Police seize cannabis crop on Murray Bridge’s east side

The raid was the first salvo in a new war on drugs in the Murray Mallee, Superintendent Scott Denny says.

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Superintendent Scott Denny displays one of the cannabis plants allegedly found growing at a property on Murray Bridge’s east side. Photo: Peri Strathearn.

Murray Bridge police have had their first big win as they start a new push against the illicit drug trade.

Officers raided a property at Murray Bridge East on Wednesday, where they seized 28 cannabis plants and made one arrest.

The plants were being grown hydroponically, police will allege, in a shed which had been illegally connected to the electricity supply.

Superintendent Scott Denny said the raid had been about two months in the making.

Tips from members of the public allowed police to begin gathering the intelligence that led to yesterday’s sting.

“It might not look like much, but three months from now those plants would have been nine feet tall and you might have got three kilograms of dried cannabis from each one,” he said.

Police also seized cash and dried cannabis during the raid.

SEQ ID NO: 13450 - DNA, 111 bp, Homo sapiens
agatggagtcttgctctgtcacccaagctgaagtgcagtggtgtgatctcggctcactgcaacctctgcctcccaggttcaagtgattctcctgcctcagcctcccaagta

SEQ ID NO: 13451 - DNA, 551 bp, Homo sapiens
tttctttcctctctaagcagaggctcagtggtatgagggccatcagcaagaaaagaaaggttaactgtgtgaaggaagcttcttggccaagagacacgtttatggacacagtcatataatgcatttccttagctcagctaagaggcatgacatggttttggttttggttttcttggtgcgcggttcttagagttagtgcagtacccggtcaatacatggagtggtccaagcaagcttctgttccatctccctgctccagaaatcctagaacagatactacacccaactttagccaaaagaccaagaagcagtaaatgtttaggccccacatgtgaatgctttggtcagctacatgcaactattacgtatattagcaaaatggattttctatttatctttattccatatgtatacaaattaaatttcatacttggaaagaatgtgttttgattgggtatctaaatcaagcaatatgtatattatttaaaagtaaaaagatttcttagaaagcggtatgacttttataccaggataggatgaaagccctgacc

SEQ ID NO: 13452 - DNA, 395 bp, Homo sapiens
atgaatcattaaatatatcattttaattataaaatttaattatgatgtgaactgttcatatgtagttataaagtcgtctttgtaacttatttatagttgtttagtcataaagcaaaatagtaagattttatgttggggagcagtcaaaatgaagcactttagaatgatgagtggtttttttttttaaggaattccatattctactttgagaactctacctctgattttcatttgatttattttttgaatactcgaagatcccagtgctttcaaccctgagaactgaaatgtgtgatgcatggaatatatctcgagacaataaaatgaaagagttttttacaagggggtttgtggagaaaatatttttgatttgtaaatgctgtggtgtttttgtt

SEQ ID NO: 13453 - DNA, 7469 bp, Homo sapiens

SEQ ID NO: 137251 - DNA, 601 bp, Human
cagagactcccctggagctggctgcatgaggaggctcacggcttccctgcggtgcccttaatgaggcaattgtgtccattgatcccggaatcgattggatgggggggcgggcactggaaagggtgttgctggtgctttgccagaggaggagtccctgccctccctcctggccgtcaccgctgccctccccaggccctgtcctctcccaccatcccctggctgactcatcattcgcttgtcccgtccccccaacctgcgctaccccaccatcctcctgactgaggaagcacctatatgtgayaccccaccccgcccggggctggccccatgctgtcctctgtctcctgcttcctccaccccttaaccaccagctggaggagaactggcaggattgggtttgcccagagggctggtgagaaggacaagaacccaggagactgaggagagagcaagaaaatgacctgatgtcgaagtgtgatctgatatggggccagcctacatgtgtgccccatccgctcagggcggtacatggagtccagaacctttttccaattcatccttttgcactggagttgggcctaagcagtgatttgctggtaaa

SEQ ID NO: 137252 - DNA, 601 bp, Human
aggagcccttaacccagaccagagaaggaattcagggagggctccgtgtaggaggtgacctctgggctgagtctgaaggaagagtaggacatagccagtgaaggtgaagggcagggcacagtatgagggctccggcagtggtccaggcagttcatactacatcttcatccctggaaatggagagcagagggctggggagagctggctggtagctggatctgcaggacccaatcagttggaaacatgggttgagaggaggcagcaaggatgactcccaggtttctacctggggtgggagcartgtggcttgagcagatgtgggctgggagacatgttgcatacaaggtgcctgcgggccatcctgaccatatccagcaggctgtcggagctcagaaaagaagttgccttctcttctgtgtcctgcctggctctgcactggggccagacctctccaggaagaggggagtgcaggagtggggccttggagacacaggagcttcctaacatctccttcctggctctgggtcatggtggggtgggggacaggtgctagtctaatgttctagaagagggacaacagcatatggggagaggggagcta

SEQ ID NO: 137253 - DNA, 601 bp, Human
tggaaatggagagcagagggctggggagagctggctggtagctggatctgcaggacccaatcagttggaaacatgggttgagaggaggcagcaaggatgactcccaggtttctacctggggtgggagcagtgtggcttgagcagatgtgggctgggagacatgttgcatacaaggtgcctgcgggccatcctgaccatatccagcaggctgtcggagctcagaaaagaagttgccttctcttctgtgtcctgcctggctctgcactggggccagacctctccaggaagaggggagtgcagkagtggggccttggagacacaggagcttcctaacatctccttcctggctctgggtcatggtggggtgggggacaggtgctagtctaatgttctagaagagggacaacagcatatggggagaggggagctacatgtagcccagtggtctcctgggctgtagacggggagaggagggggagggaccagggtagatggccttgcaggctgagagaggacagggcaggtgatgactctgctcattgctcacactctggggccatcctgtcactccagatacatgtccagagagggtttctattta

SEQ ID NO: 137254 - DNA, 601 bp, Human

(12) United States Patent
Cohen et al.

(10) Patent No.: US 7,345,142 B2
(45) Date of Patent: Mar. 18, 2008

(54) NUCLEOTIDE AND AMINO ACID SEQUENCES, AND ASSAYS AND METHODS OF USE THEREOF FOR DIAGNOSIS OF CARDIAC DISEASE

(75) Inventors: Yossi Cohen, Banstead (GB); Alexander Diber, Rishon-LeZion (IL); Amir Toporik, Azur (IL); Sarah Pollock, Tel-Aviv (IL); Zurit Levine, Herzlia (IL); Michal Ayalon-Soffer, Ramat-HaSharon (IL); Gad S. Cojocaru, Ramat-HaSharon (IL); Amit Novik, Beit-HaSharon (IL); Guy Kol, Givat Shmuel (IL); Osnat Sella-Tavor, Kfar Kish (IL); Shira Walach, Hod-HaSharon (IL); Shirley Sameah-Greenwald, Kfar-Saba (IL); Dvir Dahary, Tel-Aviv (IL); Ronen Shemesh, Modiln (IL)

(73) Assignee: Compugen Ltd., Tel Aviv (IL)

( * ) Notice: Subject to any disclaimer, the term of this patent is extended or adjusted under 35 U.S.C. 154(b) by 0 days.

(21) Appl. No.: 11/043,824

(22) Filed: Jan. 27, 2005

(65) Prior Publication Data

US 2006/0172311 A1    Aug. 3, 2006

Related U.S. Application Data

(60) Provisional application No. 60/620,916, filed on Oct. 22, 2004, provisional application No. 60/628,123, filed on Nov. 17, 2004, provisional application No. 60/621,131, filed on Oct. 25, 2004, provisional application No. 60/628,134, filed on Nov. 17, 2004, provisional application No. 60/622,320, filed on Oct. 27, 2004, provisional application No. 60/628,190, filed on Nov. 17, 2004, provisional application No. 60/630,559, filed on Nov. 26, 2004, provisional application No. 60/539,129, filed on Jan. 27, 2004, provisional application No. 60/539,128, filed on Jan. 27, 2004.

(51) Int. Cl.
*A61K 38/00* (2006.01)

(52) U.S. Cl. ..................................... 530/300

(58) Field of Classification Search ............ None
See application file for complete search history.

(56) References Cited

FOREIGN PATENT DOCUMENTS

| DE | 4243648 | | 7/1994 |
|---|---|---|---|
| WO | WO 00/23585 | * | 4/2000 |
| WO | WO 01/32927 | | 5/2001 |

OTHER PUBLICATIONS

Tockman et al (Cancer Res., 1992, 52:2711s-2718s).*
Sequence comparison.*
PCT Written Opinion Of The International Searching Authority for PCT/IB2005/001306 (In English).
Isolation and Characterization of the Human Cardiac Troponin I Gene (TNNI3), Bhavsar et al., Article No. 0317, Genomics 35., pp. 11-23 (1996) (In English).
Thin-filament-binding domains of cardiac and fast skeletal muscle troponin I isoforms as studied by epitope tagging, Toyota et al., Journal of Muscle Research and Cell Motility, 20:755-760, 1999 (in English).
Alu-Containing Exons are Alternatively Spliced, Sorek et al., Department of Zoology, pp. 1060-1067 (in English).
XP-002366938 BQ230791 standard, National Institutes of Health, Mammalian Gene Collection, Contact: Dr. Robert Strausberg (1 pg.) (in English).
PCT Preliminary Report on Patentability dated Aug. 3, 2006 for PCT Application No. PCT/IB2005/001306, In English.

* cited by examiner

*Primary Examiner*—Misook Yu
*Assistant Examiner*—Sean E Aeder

They charged a 45-year-old local man with cultivation, trafficking and possession of the cannabis, and with theft of the electricity used to grow it.

They granted him bail ahead of an appearance at Murray Bridge Magistrates Court on January 10.

However, Superintendent Denny said police would continue to focus on the illicit drug trade, led by a new tactical unit in the Murray Mallee district.

Cannabis use was a problem in and of itself, he said, but also tended to cause bigger problems in the community.

Too often people involved in the drug trade became involved in other criminal activity as well, and people’s cannabis use often aggravated other issues in their lives.

“We see both ends of it, from both a crime and a public health perspective, where mental health episodes in the community are linked to drug use,” he said.

“Most of the people we deal with are using illicit drugs.

“Some people’s perception can be that cannabis is not a serious drug, but that’s not correct.”

Police encourage anyone with information about the illicit drug trade to contact Crime Stoppers.

Anyone who does so can remain anonymous.


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